This was also mentioned in the twitter conversation. These are two PERFECT examples of why this is a terrible idea. SimCity is published by Electronic Arts. Diablo II is published by Activision. Both companies are major publishing companies and if any third party developer could get servers to handle first-week launches, it’s them. Guess what, they didn’t. Both games were complete and utter disasters when they launched. They literally didn’t work for the majority of players. This is what could and probably would happen if Microsoft actually did decide to take the Always-Online route.

Imagine getting home after waiting in line outside your local game distributor waiting to get your hands on the next Xbox at launch with a slew of exciting new software to play. After waiting all night (possibly longer if you’re insane) you finally get your impatient little fingers on this slick new piece of hardware you’ve wanted for the past year and a half (or more if you’re impatient). You rush home going 50mph in a 25mph because the risk of getting pulled over is TOTALLY WORTH the reward of playing that new console just a few minutes earlier. You bust into your house faster than you ever have before, fumble the wires around while plugging it all in, toss in Halo 5 and get ready to have the time of your life…

And then the servers just aren’t working, so you can’t actually play the device you just spent $500 on. You try again tomorrow, same problem. Three days from then, same problem. A week later you’re finally able to play the campaign for Halo 5! The campaign. SOMETHING YOU SHOULD BE ABLE TO PLAY OFFLINE, BUT YOU CAN’T BECAUSE OF THIS STUPID AS SHIT REQUIREMENT.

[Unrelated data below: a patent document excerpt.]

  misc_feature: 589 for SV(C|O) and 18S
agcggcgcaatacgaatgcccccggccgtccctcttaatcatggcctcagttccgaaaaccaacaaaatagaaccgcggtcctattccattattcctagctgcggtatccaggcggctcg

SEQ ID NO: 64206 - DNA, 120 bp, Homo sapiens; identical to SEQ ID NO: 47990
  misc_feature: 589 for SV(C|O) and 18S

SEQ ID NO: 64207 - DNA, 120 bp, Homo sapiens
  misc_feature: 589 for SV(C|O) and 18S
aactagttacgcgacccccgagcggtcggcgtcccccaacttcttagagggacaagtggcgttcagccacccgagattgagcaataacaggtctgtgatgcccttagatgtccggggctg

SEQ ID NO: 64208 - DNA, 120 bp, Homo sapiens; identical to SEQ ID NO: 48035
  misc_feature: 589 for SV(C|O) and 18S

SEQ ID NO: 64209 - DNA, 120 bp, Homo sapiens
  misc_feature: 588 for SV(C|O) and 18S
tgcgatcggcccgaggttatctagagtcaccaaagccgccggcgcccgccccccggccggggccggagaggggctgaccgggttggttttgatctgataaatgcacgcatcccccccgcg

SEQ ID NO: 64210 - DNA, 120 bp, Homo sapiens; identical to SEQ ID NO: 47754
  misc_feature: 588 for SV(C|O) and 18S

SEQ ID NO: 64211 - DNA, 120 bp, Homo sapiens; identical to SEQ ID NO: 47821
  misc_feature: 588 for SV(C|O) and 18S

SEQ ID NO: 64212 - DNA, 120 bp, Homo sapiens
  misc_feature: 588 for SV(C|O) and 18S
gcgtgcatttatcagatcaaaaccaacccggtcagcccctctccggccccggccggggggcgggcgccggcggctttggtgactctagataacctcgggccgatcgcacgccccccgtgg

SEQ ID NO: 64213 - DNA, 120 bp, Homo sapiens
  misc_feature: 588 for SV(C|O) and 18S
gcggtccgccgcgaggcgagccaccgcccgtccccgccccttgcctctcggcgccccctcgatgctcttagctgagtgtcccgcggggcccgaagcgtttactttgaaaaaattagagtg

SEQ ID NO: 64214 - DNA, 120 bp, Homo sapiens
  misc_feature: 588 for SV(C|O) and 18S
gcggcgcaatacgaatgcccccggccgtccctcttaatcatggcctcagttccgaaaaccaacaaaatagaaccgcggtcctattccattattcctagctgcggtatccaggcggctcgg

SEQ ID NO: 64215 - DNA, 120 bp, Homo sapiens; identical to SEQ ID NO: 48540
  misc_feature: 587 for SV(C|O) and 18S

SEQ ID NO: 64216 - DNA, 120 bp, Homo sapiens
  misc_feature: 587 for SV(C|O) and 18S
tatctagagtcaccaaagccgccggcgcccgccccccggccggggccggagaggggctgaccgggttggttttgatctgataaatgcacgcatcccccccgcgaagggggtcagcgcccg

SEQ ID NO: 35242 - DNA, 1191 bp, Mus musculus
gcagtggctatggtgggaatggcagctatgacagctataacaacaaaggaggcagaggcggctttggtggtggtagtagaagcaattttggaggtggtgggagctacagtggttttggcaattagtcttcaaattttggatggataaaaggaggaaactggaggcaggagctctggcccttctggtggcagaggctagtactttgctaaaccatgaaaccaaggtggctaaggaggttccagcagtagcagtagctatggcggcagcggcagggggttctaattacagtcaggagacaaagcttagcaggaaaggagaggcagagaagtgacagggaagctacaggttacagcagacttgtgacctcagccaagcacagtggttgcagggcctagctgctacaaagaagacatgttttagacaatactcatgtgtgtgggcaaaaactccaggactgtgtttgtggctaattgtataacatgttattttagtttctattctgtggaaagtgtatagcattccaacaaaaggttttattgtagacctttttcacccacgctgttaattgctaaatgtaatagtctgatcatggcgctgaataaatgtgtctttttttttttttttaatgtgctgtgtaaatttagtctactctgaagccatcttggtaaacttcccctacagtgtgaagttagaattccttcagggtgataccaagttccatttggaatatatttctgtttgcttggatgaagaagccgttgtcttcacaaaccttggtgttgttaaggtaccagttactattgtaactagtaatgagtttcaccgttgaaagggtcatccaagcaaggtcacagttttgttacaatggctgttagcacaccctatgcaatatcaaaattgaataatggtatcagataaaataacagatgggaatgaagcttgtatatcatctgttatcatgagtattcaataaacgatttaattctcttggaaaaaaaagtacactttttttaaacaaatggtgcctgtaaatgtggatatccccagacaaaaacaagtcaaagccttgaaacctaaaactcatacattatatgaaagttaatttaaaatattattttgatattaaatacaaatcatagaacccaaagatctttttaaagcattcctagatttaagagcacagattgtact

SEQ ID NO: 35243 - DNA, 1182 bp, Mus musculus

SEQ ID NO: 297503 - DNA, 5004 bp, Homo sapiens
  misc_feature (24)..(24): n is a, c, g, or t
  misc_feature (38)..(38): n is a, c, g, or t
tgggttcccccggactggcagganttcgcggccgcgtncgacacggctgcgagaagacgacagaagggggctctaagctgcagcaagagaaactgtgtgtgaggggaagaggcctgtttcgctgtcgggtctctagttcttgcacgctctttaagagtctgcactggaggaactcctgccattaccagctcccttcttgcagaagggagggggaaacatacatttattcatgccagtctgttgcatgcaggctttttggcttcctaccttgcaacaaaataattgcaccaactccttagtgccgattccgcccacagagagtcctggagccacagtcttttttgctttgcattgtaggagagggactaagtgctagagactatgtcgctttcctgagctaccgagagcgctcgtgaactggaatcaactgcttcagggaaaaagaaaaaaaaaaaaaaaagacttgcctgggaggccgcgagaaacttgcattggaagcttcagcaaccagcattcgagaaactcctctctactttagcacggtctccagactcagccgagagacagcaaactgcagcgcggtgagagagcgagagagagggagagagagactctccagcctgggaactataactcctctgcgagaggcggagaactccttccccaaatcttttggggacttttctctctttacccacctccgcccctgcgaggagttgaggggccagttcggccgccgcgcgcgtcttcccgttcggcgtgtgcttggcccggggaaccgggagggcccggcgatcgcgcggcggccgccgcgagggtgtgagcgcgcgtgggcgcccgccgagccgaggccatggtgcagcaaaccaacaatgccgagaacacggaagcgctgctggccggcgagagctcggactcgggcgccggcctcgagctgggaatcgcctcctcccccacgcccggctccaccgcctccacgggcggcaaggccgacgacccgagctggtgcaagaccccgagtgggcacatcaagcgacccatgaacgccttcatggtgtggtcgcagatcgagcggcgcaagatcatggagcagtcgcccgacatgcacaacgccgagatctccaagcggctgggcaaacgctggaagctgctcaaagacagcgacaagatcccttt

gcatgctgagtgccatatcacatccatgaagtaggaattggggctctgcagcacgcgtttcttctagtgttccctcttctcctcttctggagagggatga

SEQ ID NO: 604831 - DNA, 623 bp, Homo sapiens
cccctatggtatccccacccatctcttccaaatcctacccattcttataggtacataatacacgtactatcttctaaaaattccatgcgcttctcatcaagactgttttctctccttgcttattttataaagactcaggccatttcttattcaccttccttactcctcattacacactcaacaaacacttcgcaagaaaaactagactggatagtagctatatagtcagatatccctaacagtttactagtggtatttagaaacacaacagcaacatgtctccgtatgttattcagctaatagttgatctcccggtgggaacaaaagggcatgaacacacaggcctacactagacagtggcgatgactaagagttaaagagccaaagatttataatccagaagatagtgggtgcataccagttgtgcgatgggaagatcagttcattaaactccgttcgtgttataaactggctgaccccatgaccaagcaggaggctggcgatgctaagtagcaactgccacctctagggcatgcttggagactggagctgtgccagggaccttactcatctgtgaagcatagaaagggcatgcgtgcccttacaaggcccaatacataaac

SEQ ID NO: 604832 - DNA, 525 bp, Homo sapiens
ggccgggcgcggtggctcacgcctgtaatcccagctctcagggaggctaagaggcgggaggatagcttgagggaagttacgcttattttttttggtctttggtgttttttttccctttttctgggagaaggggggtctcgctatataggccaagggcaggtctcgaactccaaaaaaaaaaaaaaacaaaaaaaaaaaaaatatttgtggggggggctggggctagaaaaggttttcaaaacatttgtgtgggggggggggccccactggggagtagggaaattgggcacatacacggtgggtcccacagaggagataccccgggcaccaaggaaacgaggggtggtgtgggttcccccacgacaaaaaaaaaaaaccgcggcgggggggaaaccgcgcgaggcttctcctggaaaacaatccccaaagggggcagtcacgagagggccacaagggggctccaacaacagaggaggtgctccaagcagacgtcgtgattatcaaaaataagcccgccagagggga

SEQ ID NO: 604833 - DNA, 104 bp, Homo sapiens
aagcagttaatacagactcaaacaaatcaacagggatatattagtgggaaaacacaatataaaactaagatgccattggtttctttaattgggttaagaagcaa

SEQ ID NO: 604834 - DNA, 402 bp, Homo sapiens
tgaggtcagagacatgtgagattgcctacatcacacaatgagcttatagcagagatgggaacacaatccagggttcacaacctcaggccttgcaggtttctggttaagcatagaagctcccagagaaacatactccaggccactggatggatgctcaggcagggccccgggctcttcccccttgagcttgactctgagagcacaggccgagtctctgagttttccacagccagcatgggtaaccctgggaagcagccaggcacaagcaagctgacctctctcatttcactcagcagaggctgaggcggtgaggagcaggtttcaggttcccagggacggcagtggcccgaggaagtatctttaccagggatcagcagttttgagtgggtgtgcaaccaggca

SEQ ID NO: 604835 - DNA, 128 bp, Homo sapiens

This summarizes my feelings for Always-Online devices that don’t need it to operate. It’s just a bad idea and will ruin things for many, many people. Over 50% of America lives in rural locations, many of which have spotty internet at times. It’s even a bad business idea for Microsoft since it’s such a massive turn off for so many people.

Adam Orth really needs to remember: when you’re an important figure in a massive community that is generally always watching (Gamers in the gaming community), you cannot, and I repeat, cannot do this kind of thing in social networking. It’s immature, irresponsible, and completely in bad taste to joke when people are anxiously awaiting your next product.

Always Online = Tragedy.

End of story.